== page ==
Ratings agencies Moody’s and S&P started taking a heavy line with Sabic in December over the supposed decline in the business environment at Sabic Innovative Plastics (the former GE Plastics business). This caused me to speculate that they were preparing the ground for a more wide-ranging move.
Today’s S&P report on private equity owned companies confirms my suspicions. S&P has looked at 36 European buyouts, including some major chemical names. It compares 2007 performance with the forecasts made when the deals were being done over the past 18 months.
S&P’s conclusion are worrying. Firstly, they report that the median company missed its first year forecast for EBITDA by 5%. And if this wasn’t bad enough (given that the period was a boom time in terms of margins and earnings), they add that net debt targets at many companies were only met by squeezing capex and working capital. And they add that 20% of the companies surveyed would breach loan covenants if their EBITDA fell by 10% or less.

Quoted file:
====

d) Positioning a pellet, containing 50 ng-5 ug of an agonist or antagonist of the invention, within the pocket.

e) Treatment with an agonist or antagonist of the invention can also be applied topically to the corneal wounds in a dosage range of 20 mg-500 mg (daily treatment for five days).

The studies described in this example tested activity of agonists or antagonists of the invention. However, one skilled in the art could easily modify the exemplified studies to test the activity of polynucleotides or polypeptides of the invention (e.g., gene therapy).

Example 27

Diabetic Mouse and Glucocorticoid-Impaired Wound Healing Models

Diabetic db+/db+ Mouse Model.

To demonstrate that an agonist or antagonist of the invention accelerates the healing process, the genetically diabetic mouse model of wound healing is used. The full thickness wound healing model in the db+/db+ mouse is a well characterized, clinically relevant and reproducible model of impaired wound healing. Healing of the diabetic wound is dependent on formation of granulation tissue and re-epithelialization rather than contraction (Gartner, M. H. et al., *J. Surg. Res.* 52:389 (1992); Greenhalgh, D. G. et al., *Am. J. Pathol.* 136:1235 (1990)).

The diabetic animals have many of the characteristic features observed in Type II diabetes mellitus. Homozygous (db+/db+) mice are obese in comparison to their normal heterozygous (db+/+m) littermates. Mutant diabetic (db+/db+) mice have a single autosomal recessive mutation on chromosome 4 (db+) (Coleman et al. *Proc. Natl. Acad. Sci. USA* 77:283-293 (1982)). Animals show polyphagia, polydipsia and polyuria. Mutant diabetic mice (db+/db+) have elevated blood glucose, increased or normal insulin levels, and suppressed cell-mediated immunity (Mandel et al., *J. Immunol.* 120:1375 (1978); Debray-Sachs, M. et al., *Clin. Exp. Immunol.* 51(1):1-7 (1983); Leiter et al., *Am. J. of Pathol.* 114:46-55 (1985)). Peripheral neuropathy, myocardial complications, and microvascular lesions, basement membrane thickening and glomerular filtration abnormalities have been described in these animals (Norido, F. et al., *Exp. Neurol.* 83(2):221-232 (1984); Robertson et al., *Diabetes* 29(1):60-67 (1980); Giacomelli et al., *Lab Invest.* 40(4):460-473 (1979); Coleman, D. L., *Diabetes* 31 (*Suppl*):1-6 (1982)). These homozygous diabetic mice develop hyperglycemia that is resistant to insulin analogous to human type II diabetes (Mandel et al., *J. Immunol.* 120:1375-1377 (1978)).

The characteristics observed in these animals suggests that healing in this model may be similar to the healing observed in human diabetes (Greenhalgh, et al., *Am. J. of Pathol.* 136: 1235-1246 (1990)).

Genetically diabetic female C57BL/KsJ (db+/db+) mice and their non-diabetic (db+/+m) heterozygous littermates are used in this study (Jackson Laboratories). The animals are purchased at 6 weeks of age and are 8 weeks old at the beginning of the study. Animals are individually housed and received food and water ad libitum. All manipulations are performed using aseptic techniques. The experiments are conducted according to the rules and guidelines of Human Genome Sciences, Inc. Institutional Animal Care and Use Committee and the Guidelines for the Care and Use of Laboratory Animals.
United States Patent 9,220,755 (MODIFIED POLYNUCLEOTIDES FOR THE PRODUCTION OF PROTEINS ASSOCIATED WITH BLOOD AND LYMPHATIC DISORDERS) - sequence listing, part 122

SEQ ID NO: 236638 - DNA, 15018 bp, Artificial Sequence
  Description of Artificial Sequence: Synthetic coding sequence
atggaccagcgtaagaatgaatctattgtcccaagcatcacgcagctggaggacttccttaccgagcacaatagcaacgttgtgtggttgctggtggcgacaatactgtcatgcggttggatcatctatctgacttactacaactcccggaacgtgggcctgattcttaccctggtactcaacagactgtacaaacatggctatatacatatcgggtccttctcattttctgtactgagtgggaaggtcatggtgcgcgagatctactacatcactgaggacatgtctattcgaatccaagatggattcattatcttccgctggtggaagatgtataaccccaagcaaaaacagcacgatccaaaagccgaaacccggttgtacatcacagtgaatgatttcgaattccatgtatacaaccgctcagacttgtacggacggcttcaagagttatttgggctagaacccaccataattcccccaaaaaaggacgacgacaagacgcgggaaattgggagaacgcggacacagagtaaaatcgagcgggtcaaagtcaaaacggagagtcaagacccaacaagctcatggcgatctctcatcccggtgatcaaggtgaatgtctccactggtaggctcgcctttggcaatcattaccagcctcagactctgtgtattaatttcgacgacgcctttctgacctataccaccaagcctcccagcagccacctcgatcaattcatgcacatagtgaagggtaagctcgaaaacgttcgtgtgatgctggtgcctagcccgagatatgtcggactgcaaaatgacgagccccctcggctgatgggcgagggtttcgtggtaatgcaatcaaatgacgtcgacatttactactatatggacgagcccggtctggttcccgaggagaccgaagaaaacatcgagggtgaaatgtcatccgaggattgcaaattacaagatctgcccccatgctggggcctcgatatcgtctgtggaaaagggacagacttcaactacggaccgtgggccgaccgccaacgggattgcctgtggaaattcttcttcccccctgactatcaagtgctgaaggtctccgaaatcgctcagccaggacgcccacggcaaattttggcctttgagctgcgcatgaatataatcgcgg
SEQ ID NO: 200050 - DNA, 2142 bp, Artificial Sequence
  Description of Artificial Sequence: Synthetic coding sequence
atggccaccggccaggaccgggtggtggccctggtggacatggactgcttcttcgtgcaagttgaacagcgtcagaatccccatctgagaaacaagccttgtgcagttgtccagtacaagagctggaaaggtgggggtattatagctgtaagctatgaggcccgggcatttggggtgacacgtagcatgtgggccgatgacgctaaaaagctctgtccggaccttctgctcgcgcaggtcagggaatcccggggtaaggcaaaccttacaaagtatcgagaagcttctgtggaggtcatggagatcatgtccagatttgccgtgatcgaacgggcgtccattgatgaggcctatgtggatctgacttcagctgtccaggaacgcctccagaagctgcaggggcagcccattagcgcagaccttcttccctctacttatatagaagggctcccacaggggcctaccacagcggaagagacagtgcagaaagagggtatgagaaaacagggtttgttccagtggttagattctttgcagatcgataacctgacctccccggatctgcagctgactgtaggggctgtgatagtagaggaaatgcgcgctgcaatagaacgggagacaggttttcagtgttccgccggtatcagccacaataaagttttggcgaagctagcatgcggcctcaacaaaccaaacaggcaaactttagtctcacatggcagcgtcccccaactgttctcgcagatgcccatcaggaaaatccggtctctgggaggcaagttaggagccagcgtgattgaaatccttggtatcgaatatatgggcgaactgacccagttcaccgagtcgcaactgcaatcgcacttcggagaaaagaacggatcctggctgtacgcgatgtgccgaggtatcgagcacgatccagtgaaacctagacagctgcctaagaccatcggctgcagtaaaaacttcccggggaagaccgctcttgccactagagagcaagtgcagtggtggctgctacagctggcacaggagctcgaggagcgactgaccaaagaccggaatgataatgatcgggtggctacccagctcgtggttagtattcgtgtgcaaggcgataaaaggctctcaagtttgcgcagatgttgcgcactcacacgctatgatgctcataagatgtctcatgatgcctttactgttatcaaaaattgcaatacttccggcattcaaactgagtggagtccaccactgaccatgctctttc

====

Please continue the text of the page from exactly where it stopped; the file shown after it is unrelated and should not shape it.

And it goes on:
The Lex column in the Financial Times sums up the report, with admirable restraint, by commenting that ‘if the corporate profit cycle turns, as seems inevitable, inappropriate capital structures will leave many buyouts in big trouble’. S&P’s report suggests that worried CFOs now have to wonder whether the risk of continuing to supply such companies on open book terms is one they should be taking.